Salladino is a graduate of Cabrini College, where he received bachelor’s degrees in history and mathematics, a master of education and secondary principal certification. He received a doctor of education from Immaculata University and is currently an adjunct faculty member in Cabrini’s Graduate Education Program, teaching a course on education and social policy.
“The Cabrini faculty modeled for me many of the qualities that I have come to understand are the hallmarks of outstanding educators – knowledge of subject, passion for teaching and learning, and concern and compassion for students.
“Truly, I am a proud Cabrini graduate and I am sure to tell anyone who will listen about the fabulous education that I have received. My wife is also a Cabrini graduate (Karen Moffett Salladino ’93, G’00), so the College holds a special place in the Salladino household.”
A follow-up to a 1980s research study to gauge the effect of early childhood education on future academic success has discovered that those who learned more in kindergarten were more likely to earn more money as adults.
Raj Chetty, a Harvard economist, followed up on nearly 12,000 children who participated in the 1980 Student/Teacher Achievement Ratio (STAR) Project. He wanted to measure the quality of their lives in terms of their kindergarten experience. He found that being in a good kindergarten class had a relatively constant effect on earnings across income levels. For poor, middle-class and high-income children, being in a standout class – one that, in technical terms, made an extra standard deviation of progress over the course of the year – led to about a 7 percent increase in annual earnings at age 27.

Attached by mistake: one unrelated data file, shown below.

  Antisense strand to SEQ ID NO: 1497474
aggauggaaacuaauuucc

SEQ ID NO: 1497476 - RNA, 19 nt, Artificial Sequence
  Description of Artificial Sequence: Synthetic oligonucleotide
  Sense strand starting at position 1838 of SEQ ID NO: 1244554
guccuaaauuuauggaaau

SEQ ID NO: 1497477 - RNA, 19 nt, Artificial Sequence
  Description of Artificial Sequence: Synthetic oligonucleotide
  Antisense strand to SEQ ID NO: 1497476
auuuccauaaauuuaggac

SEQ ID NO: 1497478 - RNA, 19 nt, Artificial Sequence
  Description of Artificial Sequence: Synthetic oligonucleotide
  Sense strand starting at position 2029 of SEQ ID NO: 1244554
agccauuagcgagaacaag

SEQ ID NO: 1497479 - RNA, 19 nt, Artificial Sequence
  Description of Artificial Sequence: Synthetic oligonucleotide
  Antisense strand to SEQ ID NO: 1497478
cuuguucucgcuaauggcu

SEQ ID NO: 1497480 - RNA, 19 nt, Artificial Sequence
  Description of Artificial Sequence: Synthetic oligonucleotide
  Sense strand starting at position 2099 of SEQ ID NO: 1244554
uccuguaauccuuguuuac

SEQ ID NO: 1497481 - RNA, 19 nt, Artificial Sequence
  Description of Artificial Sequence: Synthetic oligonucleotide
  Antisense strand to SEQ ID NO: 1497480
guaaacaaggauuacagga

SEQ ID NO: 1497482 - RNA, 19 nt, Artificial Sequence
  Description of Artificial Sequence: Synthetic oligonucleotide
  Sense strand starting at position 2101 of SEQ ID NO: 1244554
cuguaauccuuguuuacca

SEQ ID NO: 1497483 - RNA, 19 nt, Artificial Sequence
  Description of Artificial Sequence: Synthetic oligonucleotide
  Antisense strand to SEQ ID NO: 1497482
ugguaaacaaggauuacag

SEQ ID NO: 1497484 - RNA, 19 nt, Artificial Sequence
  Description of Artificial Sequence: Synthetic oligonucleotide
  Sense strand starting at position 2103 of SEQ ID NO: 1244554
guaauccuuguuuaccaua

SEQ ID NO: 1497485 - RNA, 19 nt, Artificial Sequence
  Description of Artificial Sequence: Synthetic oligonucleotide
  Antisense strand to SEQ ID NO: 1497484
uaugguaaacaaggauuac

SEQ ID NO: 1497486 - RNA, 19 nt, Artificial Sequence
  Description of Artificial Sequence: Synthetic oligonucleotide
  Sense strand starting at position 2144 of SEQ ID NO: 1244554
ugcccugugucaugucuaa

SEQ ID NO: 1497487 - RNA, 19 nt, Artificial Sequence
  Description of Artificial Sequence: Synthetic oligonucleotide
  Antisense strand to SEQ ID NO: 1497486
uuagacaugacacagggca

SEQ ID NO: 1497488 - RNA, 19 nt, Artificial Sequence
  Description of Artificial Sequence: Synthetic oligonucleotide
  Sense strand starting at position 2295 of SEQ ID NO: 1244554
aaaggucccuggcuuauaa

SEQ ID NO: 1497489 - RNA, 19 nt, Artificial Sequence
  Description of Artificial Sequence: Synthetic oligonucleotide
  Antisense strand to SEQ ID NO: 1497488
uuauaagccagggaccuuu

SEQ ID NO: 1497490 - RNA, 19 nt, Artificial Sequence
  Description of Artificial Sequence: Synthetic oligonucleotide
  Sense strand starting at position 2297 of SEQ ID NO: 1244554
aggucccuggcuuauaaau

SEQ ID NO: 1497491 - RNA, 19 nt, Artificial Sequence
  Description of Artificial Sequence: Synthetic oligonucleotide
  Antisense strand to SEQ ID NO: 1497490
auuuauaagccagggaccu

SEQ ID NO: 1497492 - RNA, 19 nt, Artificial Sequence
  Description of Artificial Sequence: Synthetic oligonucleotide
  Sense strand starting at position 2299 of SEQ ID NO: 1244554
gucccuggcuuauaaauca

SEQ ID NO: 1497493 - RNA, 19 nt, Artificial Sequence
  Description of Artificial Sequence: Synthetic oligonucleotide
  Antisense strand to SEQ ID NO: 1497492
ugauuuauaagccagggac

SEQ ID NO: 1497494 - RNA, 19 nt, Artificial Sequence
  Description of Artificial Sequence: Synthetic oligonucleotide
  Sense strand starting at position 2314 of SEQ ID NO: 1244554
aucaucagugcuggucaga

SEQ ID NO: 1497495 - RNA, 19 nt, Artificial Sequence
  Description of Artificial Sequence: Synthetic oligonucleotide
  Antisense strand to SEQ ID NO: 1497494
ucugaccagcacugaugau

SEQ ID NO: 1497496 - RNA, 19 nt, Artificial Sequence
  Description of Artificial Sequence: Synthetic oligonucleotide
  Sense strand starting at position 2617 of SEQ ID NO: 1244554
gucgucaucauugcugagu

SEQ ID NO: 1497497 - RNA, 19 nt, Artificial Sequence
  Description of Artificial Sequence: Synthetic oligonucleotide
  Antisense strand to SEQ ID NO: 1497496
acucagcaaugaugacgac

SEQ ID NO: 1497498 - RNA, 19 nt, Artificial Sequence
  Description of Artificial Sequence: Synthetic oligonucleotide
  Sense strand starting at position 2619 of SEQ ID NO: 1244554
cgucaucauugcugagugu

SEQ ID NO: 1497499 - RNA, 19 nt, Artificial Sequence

In addition, students who had a good kindergarten teacher learned more, were less likely to be teenage parents, were less likely to die young, and more likely to have gone to college. The research suggests that a good kindergarten education can help hedge against downswings in societal economics.
Babies and young children are driven by curiosity. But as children progress through school, it can seem as if their passion for learning shrinks. We’ve all stood in front of a class that, by and large, seems to be physically but not mentally present. How can we reignite our students’ passion and curiosity and reinvigorate the classroom?
Consider these “educate by engagement” techniques offered by veteran teachers to help you connect with students and facilitate better learning dynamics:
Sources: Brophy, J. (1986). “Classroom Management Techniques.” Education and Urban Society.Hayden, Kellie. (March 2010 ). “Top Five Classroom Management Strategies.” www.brighthub.com
Chances are, you are juggling your education with work, home, and possibly a few moments of social activity. Writing your research paper while balancing the rigors of family and work life can be a major challenge. An effective strategy will help mitigate the pitfalls that typically trip up graduate education research efforts.